PHOENIX -- When you’re shopping for pet food, you might come across claims like “natural” or “organic”.
But is it worth the extra cost? 3 On Your Side’s Gary Harper took a look at what those terms really mean.
Pet owner Ilana Jacqueline tried 10 different brands of food for her dog, Happy. She researched ingredients and read labels, trying to find a food that wouldn’t upset his stomach.
“It was very frustrating at times trying to figure out what the claims were actually trying to say,” Ilana says.
We found that while the FDA and USDA regulate certain terms on the bag or can, not all claims are regulated or even clearly defined.
“There are a lot of buzzwords out there right now that pet food companies are putting on their labels, because it’s what’s hot in the market,” says veterinarian, Dr. Katy Nelson.
Organic is one of those buzzwords. The FDA says there are no official rules governing the labeling of organic food for pets.
Same goes for the USDA, although this agency will certify a pet product if it meets certain organic standards for humans.
And don’t go looking for the definition of holistic either.
What about claims like premium, super premium, and ultra premium? These foods are not required to contain any different or higher quality ingredients.
“Those are defined really by the marketplace,” says Pet Food Institute President Duane Ekedahl.
The Pet Food Institute says the manufacturers comply with current laws and keep an eye on standards set by other agencies.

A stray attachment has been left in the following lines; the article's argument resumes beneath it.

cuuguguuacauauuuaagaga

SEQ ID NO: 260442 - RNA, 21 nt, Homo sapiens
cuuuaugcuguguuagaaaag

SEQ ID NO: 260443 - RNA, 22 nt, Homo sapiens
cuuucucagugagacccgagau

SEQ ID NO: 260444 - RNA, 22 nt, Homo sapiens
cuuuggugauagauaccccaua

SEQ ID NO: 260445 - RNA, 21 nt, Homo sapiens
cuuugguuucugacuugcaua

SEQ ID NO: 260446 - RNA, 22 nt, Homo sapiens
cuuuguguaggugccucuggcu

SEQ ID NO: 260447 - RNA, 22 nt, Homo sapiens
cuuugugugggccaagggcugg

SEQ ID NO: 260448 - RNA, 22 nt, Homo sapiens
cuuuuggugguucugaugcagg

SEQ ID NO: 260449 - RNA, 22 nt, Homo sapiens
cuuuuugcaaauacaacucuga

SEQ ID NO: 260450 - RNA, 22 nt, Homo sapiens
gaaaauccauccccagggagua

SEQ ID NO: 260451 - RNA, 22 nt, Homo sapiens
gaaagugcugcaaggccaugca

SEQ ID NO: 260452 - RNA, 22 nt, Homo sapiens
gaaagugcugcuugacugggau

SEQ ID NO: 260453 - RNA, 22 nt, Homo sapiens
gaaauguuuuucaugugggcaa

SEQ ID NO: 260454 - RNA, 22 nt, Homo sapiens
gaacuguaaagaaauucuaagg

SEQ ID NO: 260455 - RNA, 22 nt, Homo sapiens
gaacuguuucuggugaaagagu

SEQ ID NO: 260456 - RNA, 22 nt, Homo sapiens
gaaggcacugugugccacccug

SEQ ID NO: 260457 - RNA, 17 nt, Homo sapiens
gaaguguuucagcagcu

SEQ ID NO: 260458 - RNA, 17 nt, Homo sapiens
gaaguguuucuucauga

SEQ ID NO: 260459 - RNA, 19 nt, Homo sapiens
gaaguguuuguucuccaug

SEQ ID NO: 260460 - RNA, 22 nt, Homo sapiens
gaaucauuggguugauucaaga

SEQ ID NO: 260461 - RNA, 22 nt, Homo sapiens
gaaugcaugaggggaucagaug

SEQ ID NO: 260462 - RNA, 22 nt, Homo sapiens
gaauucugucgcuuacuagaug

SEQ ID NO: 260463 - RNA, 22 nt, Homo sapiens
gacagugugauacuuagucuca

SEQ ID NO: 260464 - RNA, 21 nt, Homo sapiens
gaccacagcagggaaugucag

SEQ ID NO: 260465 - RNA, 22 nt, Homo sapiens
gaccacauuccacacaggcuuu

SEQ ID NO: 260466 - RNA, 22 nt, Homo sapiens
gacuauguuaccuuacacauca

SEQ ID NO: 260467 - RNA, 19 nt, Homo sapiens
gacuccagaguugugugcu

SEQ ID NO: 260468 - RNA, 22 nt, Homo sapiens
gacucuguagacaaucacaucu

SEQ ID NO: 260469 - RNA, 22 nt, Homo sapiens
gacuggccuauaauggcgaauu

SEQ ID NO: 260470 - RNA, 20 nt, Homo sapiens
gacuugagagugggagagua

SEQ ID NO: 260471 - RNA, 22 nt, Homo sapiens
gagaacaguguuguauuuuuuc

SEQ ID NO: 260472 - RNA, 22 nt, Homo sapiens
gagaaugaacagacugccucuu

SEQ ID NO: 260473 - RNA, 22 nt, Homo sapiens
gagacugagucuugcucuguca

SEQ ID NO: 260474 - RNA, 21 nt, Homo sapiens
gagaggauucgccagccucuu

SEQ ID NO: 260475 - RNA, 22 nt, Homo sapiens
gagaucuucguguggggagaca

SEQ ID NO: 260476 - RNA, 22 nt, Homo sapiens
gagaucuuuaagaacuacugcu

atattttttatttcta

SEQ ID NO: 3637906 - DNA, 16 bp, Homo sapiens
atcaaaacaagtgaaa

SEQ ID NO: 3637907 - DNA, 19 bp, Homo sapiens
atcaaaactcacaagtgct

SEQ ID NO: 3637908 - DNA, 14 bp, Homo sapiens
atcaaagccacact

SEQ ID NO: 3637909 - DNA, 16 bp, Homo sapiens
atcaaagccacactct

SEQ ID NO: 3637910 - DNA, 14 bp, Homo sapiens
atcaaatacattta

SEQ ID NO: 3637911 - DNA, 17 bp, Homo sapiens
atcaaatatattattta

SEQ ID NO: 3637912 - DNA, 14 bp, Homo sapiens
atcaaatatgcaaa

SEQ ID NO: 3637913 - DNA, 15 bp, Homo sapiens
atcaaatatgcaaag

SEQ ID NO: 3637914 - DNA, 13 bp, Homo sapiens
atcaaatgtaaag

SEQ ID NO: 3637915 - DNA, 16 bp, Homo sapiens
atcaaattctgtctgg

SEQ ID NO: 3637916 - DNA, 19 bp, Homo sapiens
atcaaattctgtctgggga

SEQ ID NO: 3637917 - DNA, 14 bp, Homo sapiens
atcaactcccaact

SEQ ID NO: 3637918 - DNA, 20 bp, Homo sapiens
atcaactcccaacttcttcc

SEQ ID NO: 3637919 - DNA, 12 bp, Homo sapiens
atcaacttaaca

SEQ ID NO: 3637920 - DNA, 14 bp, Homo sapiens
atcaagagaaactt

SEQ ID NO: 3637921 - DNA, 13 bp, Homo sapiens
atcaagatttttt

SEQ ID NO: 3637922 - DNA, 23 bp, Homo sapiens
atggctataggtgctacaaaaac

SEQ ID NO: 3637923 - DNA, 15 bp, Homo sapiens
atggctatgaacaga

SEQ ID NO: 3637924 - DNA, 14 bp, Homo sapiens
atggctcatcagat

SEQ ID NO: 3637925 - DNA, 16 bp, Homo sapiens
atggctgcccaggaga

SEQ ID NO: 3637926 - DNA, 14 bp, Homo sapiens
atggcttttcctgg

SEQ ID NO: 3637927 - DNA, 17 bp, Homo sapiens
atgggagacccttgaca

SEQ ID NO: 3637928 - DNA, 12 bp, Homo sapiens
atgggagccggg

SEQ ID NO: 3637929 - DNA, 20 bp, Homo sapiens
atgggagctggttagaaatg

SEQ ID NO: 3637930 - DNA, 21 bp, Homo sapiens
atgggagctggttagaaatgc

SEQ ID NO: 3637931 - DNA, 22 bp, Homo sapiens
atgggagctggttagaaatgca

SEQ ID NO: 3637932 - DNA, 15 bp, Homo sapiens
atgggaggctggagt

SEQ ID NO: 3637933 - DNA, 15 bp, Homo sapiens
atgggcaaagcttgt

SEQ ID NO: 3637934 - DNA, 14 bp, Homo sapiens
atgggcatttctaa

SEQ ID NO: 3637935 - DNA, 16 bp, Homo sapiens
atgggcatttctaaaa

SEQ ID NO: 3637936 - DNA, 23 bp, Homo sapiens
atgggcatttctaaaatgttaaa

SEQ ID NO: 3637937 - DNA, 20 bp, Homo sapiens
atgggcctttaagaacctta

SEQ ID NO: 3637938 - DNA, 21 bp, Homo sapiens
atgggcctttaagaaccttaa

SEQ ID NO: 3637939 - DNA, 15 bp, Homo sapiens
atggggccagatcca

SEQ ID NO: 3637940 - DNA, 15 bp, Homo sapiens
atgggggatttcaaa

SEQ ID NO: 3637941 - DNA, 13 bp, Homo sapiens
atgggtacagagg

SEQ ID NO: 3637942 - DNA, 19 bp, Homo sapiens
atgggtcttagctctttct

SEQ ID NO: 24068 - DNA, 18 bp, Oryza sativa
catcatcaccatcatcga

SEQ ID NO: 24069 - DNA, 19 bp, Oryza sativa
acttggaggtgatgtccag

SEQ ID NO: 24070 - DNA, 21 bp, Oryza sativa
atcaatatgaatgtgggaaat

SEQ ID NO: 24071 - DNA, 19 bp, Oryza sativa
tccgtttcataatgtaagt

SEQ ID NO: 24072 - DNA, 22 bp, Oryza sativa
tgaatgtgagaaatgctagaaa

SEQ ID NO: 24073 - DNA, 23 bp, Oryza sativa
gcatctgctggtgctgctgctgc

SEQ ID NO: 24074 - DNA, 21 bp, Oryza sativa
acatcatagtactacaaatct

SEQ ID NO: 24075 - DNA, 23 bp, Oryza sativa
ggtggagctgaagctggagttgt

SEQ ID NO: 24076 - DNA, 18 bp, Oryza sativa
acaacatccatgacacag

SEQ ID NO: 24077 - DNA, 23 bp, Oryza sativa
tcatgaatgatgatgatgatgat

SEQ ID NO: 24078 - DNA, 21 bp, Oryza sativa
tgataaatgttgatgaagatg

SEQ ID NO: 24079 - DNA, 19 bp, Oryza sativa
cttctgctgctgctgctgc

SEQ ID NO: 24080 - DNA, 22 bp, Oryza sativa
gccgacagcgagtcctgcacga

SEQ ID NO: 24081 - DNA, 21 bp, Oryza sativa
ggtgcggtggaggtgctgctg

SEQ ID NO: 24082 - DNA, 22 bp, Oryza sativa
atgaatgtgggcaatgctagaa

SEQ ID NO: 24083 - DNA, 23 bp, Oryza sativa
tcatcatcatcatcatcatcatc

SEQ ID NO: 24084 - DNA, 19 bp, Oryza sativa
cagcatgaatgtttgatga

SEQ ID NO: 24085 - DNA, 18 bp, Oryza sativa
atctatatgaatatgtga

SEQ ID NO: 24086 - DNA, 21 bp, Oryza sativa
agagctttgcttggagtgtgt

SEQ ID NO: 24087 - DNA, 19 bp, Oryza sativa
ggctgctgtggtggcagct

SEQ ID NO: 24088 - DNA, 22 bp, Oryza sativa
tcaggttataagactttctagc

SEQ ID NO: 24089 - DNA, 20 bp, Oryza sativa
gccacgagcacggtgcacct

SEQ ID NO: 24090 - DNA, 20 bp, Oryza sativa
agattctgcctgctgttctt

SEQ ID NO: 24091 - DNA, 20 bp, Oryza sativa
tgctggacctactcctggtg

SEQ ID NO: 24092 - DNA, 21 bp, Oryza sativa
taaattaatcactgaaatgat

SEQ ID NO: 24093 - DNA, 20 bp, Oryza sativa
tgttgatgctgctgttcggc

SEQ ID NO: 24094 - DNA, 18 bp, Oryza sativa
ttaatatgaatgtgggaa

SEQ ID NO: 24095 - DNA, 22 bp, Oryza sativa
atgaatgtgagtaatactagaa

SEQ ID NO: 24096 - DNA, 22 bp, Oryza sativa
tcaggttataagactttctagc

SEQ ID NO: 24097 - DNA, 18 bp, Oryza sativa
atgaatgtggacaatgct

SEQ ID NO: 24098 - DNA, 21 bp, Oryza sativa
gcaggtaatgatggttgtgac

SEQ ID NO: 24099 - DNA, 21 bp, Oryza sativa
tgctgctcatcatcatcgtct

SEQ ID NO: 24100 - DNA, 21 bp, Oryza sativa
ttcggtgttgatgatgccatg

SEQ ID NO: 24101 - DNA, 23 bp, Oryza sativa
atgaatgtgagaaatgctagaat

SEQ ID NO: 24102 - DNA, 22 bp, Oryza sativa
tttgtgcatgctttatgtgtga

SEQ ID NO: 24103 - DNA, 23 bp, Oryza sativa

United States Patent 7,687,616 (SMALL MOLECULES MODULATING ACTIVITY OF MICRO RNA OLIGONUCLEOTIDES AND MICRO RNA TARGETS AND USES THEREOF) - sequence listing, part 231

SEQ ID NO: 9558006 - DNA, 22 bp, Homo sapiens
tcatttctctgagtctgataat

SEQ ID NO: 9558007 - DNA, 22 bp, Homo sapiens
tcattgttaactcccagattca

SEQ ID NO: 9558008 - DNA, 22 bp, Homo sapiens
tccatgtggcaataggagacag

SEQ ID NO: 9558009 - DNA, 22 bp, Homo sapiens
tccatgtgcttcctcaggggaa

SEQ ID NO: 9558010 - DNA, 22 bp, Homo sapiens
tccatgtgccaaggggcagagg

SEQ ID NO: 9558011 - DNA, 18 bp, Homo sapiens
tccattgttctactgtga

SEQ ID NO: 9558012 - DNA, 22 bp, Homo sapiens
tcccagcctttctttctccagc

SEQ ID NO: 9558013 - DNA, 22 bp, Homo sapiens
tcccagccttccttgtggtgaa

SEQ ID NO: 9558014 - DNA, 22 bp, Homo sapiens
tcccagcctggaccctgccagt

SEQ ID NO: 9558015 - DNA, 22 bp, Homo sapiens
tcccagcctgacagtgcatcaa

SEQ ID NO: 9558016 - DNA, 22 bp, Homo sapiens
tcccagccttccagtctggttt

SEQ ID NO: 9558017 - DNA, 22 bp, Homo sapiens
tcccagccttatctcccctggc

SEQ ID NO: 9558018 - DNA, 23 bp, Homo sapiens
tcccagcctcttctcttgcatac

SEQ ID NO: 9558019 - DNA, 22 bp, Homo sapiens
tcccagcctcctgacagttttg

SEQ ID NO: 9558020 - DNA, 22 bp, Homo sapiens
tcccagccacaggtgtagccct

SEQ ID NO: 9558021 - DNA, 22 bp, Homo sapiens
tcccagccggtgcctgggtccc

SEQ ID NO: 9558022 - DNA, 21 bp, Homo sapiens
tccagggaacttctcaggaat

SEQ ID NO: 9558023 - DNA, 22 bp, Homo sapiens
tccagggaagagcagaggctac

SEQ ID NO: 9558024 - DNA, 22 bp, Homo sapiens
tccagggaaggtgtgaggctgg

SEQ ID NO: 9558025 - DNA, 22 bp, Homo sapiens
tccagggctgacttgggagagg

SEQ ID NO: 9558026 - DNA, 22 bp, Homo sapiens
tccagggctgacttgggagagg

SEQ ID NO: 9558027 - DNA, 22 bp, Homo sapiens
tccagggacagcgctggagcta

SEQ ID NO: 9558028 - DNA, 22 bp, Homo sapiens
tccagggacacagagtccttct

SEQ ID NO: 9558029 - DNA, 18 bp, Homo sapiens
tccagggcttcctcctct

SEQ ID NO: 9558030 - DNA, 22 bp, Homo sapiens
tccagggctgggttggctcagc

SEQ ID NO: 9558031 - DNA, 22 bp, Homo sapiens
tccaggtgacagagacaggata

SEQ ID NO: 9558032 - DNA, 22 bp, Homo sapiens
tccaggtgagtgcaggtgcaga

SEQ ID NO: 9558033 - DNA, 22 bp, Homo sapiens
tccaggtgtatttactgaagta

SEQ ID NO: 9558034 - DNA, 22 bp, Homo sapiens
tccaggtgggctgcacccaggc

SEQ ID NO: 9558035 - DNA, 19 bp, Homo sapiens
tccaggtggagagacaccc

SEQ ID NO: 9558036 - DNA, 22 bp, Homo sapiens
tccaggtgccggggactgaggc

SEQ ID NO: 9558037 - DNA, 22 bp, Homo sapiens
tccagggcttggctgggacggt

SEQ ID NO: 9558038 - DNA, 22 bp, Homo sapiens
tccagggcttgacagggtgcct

“As we learn more about the nutrition requirements of cats and dogs, and as new ingredients evolve, the profiles are revised," says Ekedahl.
But vets say the terms might be more about marketing. We found no definition for “natural” but there are industry guidelines set up for pet food companies to follow. There should not be artificial colors, flavors or preservatives.
“You can still be using by-products; you can still be using all sorts of things that might not be the best quality, but they’re still natural, so you can put natural on your pet food label,” says Dr. Nelson.
Look for claims that say “complete” and “balanced”. That’s actually defined by law, and a company must prove its food contains all the nutrients necessary for a healthy dog or cat.
So why would pet food makers put all those terms on products? The Pet Food Institute says pet owners will know the difference.
“They know the coats, they know the energy levels they, they know how much the cat or dog likes the foods,” says Ekedahl.
Meantime, down owner Ilana says doing all the research to find the best pet food was confusing at times, but worth it.
"My dog is very happy and healthy now that he is on the right food," says Ilana.
The USDA says it's working to come up with rules and regulations to define exactly what is "organic" pet food.